Input: State and local outsourcing to hit $20B by 2011
Originally posted Jan. 31 at 10:00 AM and updated Feb. 1 at 3:45 PM
- By William Welsh
- Jan 31, 2007
The state and local outsourcing market is expected to grow from nearly $12 billion in 2006 to about $20 billion in 2011, according to a new report.
The Reston, Va.-based market research firm Input Inc. said that state and local outsourcing is regaining its footing following a period of political turbulence tied to a backlash in recent years over offshore and welfare outsourcing.
Vendors should expect to see steady outsourcing growth in the market through 2007, which will be followed by a more pronounced increase in 2008. The spending estimates include both IT outsourcing and business process outsourcing combined, Input said.
The increase will stem from growing economic pressure as state budgets are squeezed by programs such as Medicaid while, at the same time, they become more open to innovative outsourcing approaches that bring an influx of capital investment and new jobs to their states.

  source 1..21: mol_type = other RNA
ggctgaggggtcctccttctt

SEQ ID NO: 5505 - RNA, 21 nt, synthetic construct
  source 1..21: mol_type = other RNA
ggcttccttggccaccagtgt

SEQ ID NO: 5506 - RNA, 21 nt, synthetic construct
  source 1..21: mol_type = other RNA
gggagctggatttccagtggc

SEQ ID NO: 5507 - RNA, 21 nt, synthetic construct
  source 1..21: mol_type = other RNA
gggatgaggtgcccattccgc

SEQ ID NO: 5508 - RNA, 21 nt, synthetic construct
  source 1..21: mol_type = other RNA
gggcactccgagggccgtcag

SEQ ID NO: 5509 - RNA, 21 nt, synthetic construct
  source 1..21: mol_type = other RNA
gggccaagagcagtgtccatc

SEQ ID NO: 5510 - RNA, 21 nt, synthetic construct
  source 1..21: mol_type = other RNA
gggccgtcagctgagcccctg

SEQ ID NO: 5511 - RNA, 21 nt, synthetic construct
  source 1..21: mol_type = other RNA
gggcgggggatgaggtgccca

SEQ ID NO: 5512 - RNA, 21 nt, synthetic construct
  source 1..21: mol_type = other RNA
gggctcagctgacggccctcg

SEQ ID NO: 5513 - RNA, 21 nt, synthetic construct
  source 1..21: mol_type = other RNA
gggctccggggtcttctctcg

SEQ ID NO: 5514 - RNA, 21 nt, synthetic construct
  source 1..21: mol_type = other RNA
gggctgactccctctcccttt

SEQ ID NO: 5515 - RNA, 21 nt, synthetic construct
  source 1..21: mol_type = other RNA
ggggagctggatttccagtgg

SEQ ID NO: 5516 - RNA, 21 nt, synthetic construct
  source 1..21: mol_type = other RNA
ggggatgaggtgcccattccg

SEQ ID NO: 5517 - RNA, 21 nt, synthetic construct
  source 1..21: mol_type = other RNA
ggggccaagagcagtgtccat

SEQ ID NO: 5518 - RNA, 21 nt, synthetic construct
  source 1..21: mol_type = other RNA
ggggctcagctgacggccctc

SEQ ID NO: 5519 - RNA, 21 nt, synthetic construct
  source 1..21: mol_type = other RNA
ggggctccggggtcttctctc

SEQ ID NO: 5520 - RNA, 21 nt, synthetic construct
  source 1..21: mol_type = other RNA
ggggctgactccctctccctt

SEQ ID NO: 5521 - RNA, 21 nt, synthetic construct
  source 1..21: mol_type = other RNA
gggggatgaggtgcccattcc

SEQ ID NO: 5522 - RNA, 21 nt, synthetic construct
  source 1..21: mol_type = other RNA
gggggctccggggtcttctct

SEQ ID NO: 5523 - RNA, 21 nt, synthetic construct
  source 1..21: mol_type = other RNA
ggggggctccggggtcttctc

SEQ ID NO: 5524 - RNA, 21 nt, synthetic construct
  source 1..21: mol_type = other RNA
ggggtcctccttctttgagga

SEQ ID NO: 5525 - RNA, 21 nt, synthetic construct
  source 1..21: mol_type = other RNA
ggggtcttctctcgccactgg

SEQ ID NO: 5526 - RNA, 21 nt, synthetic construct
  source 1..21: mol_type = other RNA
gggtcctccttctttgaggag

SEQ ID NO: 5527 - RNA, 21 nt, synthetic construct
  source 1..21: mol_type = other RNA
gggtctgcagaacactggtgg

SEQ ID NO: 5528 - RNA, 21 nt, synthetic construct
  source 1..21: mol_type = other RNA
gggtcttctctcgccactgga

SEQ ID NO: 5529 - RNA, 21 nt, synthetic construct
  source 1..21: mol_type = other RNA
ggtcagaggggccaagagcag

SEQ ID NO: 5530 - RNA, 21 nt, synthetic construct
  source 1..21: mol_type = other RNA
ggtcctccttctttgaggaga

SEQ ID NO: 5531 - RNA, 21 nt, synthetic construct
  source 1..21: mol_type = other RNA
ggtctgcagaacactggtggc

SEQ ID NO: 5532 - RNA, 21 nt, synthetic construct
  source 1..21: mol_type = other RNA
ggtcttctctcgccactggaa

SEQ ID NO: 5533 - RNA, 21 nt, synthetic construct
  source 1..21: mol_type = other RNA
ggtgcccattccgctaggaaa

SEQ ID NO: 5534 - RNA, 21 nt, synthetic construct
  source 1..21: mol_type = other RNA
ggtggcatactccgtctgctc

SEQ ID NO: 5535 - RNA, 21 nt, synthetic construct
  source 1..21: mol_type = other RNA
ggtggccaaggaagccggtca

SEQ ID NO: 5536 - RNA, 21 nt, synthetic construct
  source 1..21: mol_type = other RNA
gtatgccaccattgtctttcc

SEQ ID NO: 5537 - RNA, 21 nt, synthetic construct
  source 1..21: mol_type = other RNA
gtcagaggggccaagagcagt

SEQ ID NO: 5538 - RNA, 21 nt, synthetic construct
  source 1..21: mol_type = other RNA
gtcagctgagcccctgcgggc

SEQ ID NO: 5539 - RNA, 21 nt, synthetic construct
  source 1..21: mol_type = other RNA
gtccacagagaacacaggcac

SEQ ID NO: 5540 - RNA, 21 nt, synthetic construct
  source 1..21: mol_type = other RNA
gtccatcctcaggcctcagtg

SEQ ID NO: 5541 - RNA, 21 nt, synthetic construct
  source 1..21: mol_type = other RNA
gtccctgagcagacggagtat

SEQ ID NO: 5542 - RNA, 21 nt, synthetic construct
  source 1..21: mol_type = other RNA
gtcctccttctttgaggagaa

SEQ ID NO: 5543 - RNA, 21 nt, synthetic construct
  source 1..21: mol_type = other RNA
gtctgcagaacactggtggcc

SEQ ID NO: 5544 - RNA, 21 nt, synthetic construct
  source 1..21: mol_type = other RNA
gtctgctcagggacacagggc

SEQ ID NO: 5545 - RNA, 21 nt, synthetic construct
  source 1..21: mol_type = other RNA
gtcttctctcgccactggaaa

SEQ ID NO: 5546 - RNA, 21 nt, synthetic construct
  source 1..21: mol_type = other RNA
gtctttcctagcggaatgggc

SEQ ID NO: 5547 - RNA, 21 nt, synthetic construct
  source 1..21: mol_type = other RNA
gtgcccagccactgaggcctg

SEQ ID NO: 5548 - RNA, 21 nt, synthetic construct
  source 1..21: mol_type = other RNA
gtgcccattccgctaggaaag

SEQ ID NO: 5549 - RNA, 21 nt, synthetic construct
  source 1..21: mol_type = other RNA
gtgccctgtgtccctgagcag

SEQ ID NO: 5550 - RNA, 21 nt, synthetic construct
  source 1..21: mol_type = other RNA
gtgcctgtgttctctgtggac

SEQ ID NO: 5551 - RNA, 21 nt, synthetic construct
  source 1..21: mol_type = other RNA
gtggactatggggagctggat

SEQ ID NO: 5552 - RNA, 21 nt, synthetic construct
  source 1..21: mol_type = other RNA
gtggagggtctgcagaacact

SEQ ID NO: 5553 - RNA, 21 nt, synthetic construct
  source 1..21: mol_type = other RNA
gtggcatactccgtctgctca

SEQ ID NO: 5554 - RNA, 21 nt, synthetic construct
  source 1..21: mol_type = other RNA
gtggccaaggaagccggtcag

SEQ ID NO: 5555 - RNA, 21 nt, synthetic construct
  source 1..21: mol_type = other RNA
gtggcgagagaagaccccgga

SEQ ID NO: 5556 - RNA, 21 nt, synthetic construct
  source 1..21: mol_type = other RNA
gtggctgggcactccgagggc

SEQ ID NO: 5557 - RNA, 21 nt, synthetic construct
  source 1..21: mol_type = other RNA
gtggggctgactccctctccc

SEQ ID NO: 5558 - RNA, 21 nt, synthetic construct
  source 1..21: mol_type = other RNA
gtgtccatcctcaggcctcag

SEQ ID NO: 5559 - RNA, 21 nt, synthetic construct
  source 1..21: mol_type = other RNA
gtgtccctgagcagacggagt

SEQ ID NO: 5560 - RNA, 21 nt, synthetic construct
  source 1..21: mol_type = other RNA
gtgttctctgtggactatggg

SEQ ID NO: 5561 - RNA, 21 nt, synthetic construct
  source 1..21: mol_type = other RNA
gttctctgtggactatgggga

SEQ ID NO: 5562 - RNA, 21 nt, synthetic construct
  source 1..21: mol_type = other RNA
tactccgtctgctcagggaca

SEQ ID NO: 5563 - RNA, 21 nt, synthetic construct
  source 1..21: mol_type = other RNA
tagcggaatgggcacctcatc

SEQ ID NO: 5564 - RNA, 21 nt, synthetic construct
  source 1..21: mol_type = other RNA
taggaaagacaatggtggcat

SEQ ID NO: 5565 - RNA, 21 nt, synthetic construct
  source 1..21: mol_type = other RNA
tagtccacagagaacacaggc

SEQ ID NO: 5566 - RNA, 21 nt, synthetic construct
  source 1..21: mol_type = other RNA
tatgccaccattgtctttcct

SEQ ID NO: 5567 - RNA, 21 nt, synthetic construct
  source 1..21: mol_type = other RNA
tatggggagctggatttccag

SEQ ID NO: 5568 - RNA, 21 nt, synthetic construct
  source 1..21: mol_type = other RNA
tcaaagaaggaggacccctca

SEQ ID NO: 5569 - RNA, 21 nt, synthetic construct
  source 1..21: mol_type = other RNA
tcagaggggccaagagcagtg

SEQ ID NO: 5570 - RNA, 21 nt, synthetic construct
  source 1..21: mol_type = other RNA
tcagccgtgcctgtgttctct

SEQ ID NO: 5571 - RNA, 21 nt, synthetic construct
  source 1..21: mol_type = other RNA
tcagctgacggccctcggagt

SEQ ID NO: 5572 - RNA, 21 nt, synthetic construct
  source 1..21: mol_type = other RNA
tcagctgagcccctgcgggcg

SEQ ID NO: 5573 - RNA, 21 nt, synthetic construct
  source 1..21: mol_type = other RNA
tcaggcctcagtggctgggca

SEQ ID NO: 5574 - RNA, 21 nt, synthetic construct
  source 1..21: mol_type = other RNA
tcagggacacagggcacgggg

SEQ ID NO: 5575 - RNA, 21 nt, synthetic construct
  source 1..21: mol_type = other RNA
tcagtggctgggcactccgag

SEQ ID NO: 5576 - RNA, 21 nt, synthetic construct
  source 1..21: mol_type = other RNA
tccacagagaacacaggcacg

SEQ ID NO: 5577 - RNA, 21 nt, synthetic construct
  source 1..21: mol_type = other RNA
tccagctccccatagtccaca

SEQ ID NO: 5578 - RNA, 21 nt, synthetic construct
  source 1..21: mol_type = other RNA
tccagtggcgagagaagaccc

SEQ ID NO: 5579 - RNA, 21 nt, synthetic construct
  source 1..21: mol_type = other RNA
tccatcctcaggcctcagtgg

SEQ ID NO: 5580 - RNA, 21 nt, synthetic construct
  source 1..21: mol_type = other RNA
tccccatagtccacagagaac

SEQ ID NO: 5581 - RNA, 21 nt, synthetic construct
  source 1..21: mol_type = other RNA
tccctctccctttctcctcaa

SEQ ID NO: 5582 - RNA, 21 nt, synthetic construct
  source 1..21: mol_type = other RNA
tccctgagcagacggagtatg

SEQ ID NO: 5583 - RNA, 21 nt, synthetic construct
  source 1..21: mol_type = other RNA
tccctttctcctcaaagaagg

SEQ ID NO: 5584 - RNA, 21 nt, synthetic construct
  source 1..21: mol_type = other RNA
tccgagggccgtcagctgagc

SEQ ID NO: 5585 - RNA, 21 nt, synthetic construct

"Outsourcing remains a political hot button at the state and local levels," said Michelle Miller, a senior analyst with Input. "In recent years savvy leaders have found ways to sell outsourcing plans to state legislators by focusing on an approach that strikes a balance between cost savings and keeping jobs and government revenues in-state."
The result has been notable outsourcing awards in Virginia and San Diego over the past 15 months. "Right now everyone is in a 'wait-and-see' mode, but once one of these projects is deemed a success, I believe we will see the market take off," Miller said.
Increased demand in the areas of data center management, application management, desktop services and hosting will propel the growth, according to Input.
Business process outsourcing will not play as large a role as previously projected in the market, Input said. This is because the majority of elected officials remain uncomfortable with the political risks of transferring control of government business processes to a contractor.
William Welsh is a freelance writer covering IT and defense technology.